We managed to find the Martin Harris farm site by accident in the process of turning around to go find Alvin Smith's grave. We eventually did find it, left to go get some crayons to do grave rubbings, and returned. In the five minutes we were there, we accumulated a ridiculous number of mosquito bites. Needless to say, the grave of the Prophet's beloved older brother is well protected.
We returned to the LDS bookstore at my request, and I just had to take a picture of the anti-Mormon truck. (Waste your time on that website if you wish. The people that were there that day, from what I'm told, were hired actors that certainly wouldn't.)
I wonder how many starving children could have been fed with the money that was spent on that truck. One of the mysteries of the Kingdom, I suppose.
We eventually made our way over to the Hill Cumorah. And let me tell you, it's a BIG hill. I won't lie, it winded me. But this statue of Moroni was impressive. I've never seen it or anything like it before.
We rejoined one of our friends at the bottom of the hill. We were sitting there comfortably and happily when I got a really FUN phone call.
"Hello... oh I'm just fine!... What's that?... You need me to teach tomorrow?... SURE!... I mean, I'm in Palmyra right now, but I should make it back in time to teach tomorrow... Great!... OK, enjoy your evening. Buh-bye."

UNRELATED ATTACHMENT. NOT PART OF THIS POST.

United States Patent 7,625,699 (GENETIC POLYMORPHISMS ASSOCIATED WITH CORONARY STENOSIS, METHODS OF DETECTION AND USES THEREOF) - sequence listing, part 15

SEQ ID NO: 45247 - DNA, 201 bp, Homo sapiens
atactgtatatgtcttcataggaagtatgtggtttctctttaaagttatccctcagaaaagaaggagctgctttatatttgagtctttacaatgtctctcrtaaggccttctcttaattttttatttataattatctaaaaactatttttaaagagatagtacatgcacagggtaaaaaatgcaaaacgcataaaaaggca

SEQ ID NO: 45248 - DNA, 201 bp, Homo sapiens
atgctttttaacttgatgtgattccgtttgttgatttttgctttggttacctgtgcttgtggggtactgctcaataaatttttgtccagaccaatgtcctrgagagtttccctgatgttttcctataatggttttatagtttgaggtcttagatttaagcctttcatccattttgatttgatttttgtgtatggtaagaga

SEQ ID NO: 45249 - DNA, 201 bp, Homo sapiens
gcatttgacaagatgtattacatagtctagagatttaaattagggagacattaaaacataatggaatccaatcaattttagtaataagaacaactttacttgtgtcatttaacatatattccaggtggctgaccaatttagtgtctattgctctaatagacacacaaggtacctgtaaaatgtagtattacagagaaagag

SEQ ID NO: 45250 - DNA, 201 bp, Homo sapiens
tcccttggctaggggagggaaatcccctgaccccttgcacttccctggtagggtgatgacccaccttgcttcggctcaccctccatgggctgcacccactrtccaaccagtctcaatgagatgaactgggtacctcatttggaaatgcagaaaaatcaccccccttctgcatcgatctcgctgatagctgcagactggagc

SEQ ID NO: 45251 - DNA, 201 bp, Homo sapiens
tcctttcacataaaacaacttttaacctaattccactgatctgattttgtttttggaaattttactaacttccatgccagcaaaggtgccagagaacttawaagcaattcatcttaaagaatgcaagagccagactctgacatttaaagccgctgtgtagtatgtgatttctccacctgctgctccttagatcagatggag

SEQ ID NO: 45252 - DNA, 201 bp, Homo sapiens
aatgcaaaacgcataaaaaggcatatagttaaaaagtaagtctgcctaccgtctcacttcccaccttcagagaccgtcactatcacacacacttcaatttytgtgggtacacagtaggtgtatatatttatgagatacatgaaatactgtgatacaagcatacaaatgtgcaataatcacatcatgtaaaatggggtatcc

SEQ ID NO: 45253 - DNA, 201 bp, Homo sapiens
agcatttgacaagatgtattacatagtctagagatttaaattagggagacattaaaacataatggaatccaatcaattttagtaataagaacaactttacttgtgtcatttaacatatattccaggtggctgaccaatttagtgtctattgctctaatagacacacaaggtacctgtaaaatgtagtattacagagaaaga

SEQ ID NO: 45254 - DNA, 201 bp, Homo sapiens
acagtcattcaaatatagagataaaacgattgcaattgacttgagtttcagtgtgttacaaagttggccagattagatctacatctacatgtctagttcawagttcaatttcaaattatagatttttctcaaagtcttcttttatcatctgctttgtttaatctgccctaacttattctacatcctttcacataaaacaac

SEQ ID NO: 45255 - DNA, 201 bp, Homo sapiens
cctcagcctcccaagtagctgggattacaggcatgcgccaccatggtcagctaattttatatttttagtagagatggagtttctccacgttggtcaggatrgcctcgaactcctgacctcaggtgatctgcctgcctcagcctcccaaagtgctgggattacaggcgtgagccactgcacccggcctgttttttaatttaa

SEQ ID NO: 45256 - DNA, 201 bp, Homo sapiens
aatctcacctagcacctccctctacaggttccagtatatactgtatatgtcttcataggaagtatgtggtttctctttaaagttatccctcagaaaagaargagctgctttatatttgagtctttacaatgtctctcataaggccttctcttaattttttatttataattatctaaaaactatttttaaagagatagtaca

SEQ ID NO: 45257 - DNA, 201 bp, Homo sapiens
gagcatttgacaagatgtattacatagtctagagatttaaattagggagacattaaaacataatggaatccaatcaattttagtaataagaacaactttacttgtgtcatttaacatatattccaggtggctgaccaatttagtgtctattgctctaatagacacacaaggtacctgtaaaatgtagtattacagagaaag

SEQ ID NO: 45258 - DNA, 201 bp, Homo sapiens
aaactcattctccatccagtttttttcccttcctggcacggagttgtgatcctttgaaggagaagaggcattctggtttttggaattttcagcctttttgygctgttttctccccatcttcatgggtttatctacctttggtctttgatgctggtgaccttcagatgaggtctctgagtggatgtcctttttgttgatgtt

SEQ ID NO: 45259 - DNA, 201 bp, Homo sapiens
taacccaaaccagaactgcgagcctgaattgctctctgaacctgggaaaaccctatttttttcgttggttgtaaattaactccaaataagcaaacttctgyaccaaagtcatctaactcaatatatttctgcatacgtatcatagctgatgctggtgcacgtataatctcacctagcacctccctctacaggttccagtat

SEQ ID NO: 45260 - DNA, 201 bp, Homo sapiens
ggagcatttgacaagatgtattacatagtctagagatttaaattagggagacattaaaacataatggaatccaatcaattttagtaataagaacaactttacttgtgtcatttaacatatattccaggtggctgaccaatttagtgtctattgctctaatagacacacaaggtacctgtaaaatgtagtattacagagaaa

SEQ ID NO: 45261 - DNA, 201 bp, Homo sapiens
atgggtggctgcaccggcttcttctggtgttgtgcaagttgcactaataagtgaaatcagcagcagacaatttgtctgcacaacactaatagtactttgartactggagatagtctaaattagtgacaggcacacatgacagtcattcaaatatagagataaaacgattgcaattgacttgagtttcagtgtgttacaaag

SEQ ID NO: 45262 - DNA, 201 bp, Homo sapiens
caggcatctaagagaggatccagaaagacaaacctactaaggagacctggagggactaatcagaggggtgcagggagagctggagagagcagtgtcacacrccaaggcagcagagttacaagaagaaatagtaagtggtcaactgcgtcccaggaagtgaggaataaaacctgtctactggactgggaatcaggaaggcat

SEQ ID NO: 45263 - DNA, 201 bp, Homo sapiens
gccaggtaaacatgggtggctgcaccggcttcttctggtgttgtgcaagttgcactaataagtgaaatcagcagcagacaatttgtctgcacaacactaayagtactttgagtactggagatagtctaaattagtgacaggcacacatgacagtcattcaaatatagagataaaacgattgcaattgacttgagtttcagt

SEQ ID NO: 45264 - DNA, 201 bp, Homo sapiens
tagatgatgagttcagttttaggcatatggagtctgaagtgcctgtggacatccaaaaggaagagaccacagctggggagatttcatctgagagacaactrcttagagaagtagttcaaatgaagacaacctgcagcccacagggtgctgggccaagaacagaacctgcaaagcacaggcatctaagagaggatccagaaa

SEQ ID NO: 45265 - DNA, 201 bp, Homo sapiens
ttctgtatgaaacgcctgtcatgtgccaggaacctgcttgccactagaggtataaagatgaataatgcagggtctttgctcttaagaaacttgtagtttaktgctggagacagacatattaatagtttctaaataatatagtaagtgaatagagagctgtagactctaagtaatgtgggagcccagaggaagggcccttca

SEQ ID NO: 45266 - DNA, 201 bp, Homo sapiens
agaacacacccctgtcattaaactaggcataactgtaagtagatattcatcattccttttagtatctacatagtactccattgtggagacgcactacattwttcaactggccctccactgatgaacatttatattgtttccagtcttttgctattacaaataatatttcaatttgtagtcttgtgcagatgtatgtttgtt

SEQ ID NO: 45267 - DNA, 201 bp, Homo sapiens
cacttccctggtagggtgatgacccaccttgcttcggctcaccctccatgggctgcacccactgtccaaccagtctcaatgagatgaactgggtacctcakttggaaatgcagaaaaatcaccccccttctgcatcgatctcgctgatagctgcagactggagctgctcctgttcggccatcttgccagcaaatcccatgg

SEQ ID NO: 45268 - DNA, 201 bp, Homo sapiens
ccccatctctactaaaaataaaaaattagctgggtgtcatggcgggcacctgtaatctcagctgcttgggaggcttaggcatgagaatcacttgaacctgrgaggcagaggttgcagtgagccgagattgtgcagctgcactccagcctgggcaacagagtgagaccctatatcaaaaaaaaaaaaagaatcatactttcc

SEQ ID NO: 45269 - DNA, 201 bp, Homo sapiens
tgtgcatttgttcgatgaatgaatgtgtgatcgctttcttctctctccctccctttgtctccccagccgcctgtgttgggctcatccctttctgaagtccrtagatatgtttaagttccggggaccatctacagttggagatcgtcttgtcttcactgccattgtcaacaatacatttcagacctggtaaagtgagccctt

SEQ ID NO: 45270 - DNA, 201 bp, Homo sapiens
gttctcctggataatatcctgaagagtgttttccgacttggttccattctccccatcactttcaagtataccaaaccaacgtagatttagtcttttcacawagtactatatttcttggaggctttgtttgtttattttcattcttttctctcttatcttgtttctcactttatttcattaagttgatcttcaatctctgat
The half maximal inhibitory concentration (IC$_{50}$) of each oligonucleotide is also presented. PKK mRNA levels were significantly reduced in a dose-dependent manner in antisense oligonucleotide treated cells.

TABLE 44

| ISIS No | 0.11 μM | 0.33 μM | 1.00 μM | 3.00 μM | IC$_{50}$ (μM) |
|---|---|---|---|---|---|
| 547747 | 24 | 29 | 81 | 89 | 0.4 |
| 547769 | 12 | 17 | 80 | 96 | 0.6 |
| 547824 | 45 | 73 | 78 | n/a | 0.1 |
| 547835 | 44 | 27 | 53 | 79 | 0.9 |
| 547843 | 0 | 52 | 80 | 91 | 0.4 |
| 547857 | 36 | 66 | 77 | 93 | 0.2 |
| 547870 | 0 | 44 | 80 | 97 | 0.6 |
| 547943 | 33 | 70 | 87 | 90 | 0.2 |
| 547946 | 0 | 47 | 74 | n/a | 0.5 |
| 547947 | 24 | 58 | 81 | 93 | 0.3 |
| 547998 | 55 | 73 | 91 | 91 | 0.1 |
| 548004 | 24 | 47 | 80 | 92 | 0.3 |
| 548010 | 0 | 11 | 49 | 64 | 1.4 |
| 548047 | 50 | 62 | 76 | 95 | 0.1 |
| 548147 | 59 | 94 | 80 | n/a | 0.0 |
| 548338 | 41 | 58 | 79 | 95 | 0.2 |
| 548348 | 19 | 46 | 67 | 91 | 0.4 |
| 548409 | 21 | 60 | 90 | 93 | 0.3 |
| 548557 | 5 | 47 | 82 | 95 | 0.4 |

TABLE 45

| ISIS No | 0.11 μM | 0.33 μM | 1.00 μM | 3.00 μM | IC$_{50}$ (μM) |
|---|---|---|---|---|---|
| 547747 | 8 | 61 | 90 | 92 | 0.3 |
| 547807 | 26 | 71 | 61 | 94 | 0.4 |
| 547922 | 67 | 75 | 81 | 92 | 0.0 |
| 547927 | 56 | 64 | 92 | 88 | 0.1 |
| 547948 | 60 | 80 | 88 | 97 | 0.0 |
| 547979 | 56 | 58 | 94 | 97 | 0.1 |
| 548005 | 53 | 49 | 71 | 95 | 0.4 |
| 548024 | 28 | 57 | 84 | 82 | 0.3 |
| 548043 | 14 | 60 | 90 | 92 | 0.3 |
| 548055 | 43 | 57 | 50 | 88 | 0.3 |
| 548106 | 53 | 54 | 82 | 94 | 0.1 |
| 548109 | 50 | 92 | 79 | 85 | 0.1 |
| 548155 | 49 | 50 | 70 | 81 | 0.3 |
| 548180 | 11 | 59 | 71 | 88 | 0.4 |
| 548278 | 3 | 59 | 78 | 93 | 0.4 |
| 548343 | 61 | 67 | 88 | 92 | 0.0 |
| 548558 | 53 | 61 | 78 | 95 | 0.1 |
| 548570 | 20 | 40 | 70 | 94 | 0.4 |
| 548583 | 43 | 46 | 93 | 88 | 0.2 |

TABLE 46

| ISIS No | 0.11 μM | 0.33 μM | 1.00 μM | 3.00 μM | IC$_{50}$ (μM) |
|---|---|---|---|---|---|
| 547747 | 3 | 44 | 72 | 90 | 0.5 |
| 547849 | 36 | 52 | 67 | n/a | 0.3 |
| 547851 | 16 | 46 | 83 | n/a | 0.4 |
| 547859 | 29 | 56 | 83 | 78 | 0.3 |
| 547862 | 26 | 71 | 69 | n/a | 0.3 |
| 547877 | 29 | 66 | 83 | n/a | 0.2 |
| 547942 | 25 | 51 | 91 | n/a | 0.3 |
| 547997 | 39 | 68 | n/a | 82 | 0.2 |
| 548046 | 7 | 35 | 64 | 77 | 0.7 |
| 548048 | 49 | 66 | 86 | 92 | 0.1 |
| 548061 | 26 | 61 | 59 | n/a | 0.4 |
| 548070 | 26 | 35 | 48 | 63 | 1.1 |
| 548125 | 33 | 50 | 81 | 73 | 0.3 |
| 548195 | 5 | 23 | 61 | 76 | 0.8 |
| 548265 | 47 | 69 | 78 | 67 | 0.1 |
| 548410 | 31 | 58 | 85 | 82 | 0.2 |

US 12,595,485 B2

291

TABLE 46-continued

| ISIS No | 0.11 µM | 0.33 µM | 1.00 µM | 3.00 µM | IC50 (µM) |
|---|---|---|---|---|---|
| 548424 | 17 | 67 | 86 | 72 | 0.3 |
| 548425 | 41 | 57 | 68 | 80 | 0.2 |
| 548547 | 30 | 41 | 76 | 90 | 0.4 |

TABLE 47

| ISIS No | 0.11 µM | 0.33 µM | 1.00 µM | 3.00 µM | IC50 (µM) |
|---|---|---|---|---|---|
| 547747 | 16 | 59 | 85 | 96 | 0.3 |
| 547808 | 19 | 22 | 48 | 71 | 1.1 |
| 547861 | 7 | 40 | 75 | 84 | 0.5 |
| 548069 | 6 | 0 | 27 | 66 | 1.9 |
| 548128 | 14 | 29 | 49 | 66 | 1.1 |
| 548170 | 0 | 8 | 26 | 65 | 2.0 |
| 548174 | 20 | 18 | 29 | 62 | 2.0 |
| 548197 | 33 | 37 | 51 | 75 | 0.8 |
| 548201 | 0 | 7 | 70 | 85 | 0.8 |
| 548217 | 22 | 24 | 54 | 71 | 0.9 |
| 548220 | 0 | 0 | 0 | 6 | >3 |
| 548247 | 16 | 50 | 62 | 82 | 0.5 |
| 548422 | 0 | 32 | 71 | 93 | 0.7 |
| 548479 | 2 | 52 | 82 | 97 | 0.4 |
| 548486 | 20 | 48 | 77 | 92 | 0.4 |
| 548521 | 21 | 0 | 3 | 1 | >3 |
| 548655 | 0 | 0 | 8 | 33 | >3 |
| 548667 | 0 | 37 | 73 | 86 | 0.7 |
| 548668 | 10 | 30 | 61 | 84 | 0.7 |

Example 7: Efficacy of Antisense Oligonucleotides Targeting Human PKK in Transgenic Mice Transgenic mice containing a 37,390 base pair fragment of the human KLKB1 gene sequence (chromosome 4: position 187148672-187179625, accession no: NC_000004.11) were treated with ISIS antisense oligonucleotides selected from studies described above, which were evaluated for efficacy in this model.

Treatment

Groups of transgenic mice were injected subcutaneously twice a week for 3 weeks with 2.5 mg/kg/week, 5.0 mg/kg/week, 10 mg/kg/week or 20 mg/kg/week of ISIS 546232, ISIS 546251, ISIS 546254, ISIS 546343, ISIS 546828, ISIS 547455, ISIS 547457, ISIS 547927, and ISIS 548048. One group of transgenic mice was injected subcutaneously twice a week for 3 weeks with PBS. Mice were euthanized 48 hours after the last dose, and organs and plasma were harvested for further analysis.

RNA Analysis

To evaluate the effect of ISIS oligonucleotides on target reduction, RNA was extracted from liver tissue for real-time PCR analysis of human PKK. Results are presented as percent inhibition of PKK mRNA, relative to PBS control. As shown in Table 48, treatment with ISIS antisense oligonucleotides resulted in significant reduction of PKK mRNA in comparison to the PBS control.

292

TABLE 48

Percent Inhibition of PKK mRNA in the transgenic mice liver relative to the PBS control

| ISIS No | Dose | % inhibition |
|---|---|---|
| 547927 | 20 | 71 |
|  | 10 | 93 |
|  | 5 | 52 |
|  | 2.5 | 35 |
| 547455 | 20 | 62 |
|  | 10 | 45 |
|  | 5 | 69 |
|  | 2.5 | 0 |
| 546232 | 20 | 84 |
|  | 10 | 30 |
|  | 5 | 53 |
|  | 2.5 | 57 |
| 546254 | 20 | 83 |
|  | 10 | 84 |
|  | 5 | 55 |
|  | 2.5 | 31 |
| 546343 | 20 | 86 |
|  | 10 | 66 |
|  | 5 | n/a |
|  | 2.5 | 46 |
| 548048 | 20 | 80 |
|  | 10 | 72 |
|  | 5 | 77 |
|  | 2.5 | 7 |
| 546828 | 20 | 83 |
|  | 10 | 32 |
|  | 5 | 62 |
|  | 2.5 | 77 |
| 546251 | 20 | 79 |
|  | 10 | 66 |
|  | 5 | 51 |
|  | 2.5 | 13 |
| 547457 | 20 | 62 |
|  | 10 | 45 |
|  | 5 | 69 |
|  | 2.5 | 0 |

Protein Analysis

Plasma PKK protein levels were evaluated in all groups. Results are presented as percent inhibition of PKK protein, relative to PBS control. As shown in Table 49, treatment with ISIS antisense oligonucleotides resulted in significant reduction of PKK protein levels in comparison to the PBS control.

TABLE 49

Why did I do that? Because Heavenly Father told me two weeks ago that I was going to be teaching that lesson, and I couldn't bring myself to say no because of it. He had given me plenty of notice, and it was my fault I hadn't yet prepared.
The guy who came with us (affectionately nickname "Mom" by this point because of how prepared he was for our lack of being prepared) let me use the manual on his blackberry to start taking notes for my lesson.
Once I realized I was fighting a losing battle, I took a break and we made our way over to the Hill Cumorah Visitor's Center. They had some pretty cool stuff in there--like Sister SHAKESPEARE!
Yeah. That's pretty much made of awesome!
By the time we were ready to leave, it was time for dinner. I stole a salt potato from one of my friends who bought them. I thought they were tasty, but I don't think the one I had nearly as much salt as the rest of them because she kept saying they were too salty. So I'm thinking my judgment doesn't count for anything.
It was pretty much a waiting game after that. The Pageant wasn't going to start until it was dark. And cold. And Mom came through for us again by giving us a blanket. Go Mom!
Then, at last, it began! YAY!
My camera wasn't exactly equipped for what I was demanding of it. Mom's camera was AMAZING! Not that I can show you. But trust me. His pictures were great.
This one is probably my favorite that I took. I love Lehi's dream. And this scene is pretty much my favorite scene of it. I know something of the desire of having tasted of the fruit which is sweet above all that is sweet, and wanting desperately for my family to do the same.
It was a great experience. I'm glad I was able to go, and I highly recommend the experience to anyone. Unless you're an anti-with a big yellow truck, in which case I have something special for you.
If you're familiar with Demotivators (Despair.com), let's just say I made one.
(More on the drive home and my lesson later.)